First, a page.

What Is a Casino?


A casino is a place where people play games of chance and wager money. It is often associated with Las Vegas, but it can also be found in many other places. Some are more lavish than others, but they all feature a variety of games and entertainment. People from all walks of life visit casinos to try their luck and maybe win a little bit of money. Some people even become addicted to gambling and it is important for them to seek help when they have a problem.

Besides the usual gaming activities, casinos have restaurants and free drinks, stage shows and dramatic scenery. The games of chance that are played in a casino include roulette, blackjack, poker and craps. Unlike video poker, where players compete against the machine, table games like baccarat and blackjack involve a dealer who interacts with the players. Most of the time, these games have a built-in house advantage. The house advantage is usually lower than two percent, but it adds up over the millions of bets placed by casino patrons. In addition to this, the casino earns extra money from a commission on certain types of bets, such as the rake in poker.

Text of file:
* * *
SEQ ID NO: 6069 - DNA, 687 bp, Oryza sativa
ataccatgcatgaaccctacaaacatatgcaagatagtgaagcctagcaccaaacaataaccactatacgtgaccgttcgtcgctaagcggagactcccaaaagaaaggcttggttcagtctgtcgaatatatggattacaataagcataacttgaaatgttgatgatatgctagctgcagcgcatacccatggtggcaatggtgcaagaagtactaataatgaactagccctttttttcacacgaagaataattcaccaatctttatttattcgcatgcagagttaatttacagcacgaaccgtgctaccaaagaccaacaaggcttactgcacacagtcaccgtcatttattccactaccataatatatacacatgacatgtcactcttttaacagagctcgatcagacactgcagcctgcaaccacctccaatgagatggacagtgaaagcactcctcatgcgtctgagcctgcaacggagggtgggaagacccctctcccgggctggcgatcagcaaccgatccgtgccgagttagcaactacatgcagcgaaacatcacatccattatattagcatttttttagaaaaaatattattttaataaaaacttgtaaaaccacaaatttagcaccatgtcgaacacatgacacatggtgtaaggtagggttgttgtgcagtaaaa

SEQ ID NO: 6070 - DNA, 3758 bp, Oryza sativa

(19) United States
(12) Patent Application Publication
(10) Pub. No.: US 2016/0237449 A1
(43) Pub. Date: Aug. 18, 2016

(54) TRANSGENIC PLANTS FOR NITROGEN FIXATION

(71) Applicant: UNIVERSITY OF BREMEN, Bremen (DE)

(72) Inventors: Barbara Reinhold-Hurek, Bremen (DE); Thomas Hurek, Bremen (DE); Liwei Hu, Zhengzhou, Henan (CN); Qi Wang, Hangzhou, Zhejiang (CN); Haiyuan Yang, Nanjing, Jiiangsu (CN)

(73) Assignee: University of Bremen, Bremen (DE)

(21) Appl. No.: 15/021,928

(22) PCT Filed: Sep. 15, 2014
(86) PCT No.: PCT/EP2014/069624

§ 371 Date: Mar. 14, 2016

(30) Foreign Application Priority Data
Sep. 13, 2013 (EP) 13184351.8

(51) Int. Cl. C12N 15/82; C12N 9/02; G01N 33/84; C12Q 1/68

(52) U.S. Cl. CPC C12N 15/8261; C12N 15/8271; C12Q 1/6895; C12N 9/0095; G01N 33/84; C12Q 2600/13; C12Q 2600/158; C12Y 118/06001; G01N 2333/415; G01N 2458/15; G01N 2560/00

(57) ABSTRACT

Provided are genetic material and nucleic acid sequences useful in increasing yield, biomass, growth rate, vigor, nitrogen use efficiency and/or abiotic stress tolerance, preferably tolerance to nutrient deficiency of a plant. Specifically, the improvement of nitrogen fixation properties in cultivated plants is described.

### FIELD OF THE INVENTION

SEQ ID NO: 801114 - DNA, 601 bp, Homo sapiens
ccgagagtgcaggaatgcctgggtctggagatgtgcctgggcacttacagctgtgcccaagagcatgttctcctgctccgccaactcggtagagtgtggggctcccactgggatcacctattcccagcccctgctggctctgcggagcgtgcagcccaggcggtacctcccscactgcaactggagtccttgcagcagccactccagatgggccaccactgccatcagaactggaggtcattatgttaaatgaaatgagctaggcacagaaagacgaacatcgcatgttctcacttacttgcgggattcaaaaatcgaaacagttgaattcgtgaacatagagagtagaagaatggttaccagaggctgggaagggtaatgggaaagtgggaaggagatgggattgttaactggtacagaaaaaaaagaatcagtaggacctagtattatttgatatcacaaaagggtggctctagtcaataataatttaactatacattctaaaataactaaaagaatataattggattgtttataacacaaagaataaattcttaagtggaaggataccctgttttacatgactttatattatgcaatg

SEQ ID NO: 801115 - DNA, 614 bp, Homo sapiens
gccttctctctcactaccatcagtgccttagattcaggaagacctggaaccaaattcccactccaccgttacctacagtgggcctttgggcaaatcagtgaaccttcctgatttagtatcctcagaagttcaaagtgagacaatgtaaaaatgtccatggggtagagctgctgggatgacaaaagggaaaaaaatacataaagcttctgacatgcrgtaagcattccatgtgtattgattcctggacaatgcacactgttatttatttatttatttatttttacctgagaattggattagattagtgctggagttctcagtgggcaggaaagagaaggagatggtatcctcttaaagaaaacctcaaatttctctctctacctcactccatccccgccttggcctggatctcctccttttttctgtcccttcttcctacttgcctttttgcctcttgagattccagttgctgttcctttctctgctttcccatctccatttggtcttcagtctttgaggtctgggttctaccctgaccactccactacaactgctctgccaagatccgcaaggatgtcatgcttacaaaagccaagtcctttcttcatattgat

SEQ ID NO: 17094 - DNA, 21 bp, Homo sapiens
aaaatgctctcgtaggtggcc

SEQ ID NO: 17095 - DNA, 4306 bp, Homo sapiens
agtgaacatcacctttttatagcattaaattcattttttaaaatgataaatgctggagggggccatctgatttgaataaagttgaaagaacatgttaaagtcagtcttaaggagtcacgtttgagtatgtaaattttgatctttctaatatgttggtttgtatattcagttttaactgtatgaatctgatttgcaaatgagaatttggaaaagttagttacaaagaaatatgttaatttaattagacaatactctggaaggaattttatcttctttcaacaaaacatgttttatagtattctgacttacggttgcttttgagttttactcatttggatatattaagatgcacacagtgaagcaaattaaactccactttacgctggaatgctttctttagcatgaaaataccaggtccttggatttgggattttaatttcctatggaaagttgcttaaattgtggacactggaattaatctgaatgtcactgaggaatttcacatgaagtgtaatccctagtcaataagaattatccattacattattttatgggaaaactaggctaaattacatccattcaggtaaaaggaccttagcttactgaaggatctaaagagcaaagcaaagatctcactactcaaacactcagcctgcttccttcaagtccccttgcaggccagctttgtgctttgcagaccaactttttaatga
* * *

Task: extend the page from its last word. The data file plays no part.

While it is not possible to determine the exact probability of winning a particular game, the odds are calculated by experts who are trained to look for suspicious patterns and irregularities. Casinos have elaborate surveillance systems and use cameras to watch every table, window and doorway. These cameras can be adjusted by security workers to focus on a specific patron and are usually recorded. If a crime or cheating is committed, the tapes can be reviewed to find the culprit.

In order to maximize profits, casinos offer a variety of perks and incentives to gamblers. These free goods or services are known as comps, and they can range from food and drink to hotel rooms and tickets for shows. The amount of money spent on gaming by a patron is used to rank him or her in the casino’s system and is used to determine how much he or she is entitled to receive.

Although the majority of casino gamblers are male and aged forty-six or older, there is an increasing number of women and young adults who enjoy playing casino games. According to the National Profile Study of Gambling by Roper Reports GfK NOP and the U.S. Gaming Panel by TNS, the average casino patron is a middle-aged married female with above-average income. While it is important to attract a diverse group of patrons, casinos are also concerned about the impact of gambling on the local economy. Research has shown that gambling revenues shift spending away from other forms of local entertainment and that the costs of treatment for addiction offset any economic benefits from casino operations. These facts have led some people to call for a ban on casino gambling. Others, however, believe that it is a necessary part of the economy and that regulations should be lightened.